For a successful job search, you need three consistently good pieces of paper (or electronic documents for you young ‘uns). You need a resume, a cover letter, and a target list. (I’ll talk about the Target List next time). If you search this blog for Resume or Cover Letter (and I encourage you do that) you’ll find lots of good information. Resume Magic Parts I & II and The Second Most Important Bullet in Your Gun are great starting points. But for the impatient reader, here are some highlights:
Both documents must look good – clean, well-formatted, PERFECT spelling and punctuation, good white space, one font, etc. They need to look like they came from the same person – same formatting, same letterhead, and same style. Here’s the deal – if you cannot execute a flawless resume and cover letter – how can I trust that you can do your job correctly – whatever job that might be?
They need to be specific to the job you are applying for – highlight your quantified accomplishments that prove you have the ability to do the job you are trying to get. Make the recruiter want to know more about you. Sequence the information so the most important information is on the top half of the first page.
You must submit both documents every time. A resume is a like a photograph of you – who you are and what you are made of; but the cover letter is the background of that photograph, the context that explains why you are sending this resume and adds more color about your interest and excitement. A resume without a cover letter is lost and uninteresting.
Include your full name and contact information (mailing address, email address, phone number) on both documents. Make sure you are using a professional email address like firstname.lastname@example.org instead of email@example.com.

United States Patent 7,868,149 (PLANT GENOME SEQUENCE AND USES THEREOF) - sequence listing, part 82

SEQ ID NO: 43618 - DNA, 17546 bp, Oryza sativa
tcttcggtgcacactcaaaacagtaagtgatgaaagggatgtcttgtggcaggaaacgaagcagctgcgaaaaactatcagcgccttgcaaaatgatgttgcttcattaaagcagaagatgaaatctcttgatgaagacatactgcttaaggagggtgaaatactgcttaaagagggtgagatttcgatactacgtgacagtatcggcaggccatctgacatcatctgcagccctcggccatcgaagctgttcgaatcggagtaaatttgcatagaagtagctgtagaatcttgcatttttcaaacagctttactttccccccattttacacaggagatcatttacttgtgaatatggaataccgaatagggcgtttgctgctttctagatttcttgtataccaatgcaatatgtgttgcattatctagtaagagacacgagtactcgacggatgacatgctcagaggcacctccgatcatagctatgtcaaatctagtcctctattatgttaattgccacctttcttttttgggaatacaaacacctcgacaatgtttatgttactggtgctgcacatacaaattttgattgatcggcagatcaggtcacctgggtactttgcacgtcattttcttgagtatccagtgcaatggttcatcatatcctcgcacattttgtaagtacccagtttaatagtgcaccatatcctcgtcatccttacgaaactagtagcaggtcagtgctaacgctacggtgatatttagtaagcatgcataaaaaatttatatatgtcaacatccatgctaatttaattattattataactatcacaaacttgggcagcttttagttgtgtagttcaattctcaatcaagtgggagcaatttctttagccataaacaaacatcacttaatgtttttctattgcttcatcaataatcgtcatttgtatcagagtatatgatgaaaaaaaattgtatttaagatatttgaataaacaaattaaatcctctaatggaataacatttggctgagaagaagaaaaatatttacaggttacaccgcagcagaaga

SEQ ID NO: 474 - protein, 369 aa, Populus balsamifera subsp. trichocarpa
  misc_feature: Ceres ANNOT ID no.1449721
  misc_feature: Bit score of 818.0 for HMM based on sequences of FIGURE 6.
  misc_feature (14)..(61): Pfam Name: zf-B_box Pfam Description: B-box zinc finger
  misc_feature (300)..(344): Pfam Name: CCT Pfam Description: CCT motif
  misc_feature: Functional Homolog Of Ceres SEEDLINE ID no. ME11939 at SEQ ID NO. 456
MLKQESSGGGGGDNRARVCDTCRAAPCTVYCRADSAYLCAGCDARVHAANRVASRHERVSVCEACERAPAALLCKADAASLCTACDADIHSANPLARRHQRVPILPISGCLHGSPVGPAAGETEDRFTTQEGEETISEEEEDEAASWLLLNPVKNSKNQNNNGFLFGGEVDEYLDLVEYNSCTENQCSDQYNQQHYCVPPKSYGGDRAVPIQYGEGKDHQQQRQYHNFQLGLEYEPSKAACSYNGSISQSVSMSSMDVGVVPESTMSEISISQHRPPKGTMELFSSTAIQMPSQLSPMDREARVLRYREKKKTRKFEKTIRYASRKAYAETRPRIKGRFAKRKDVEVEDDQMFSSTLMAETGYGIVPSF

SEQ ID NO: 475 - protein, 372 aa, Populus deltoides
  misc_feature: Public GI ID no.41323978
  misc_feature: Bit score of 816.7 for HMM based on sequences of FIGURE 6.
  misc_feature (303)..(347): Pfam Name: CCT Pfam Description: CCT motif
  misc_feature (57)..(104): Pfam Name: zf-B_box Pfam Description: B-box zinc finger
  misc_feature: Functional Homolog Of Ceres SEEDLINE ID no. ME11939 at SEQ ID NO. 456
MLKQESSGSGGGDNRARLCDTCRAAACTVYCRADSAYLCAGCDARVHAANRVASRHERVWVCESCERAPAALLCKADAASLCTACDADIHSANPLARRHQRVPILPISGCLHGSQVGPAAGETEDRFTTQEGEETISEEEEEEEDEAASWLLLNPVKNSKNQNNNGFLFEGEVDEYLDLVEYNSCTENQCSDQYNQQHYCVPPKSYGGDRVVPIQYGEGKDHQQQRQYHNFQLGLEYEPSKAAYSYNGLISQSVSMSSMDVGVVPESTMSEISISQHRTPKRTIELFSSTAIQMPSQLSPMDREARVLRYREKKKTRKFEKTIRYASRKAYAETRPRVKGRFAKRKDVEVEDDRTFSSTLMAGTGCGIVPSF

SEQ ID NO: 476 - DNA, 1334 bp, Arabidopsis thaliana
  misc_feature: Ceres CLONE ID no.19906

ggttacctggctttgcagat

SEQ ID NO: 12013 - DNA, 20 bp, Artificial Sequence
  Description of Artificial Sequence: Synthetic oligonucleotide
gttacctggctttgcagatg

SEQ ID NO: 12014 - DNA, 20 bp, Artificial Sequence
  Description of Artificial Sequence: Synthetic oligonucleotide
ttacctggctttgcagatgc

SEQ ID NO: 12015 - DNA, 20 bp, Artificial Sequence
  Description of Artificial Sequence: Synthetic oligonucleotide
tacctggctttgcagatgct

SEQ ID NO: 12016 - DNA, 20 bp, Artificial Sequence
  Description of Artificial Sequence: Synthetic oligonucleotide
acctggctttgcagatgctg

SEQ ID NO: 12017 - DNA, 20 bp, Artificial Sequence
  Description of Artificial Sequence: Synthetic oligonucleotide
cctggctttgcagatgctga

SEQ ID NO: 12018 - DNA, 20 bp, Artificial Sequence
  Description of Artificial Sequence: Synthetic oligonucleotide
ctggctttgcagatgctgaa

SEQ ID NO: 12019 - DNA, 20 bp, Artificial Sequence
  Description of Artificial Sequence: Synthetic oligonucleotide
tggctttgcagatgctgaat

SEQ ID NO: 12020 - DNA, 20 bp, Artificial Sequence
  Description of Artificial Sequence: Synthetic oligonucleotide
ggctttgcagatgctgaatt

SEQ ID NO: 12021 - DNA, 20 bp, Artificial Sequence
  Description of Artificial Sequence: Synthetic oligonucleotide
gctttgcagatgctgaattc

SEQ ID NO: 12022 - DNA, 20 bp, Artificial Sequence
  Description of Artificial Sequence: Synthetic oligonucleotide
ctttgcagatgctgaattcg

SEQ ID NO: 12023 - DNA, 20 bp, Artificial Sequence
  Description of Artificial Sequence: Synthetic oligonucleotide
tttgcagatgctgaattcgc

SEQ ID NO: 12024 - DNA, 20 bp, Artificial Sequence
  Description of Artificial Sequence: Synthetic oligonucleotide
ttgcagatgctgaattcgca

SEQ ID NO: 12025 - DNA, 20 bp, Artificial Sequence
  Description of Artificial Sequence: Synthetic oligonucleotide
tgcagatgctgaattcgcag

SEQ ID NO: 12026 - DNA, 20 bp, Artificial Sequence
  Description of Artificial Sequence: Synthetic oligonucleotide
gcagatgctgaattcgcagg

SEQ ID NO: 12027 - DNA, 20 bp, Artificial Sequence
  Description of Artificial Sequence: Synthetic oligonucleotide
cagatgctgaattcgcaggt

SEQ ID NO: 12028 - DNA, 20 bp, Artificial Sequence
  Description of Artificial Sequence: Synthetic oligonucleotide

Your cover letter should reference the job you’re applying for. Throw in some facts about the company so that you can show you’ve done your research and you really are interested in this job for this organization.
Whenever possible send the documents to a specific person. Use LinkedIn or other sources to find out who the hiring manager is and send it to her/him. If HR says you must apply via their processes do that too, but always try to get to the hiring manager. If you’re sending it to HR try to find out the name of the recruiter, or the department head. If you are stumped, send the letter to “Dear Hiring Manager” or Dear Human Resources Professional”, not “To Whom it May Concern.”
I had not planned for this post to be a “best of” kind of post, but I’ve given you several links to posts with more information and more detail.
The bottom line is that if you want to start this new year off with a bang, you need to have the best looking, most complete resume and cover letter you can. Take the time, do them right, and they’ll open doors for you.
If you want more advice on how to write a resume, how to, network or just how to find a job, check out I’m Fired?!? A Business Fable about the Challenges of Losing One Job and Finding Another. Click here for more details.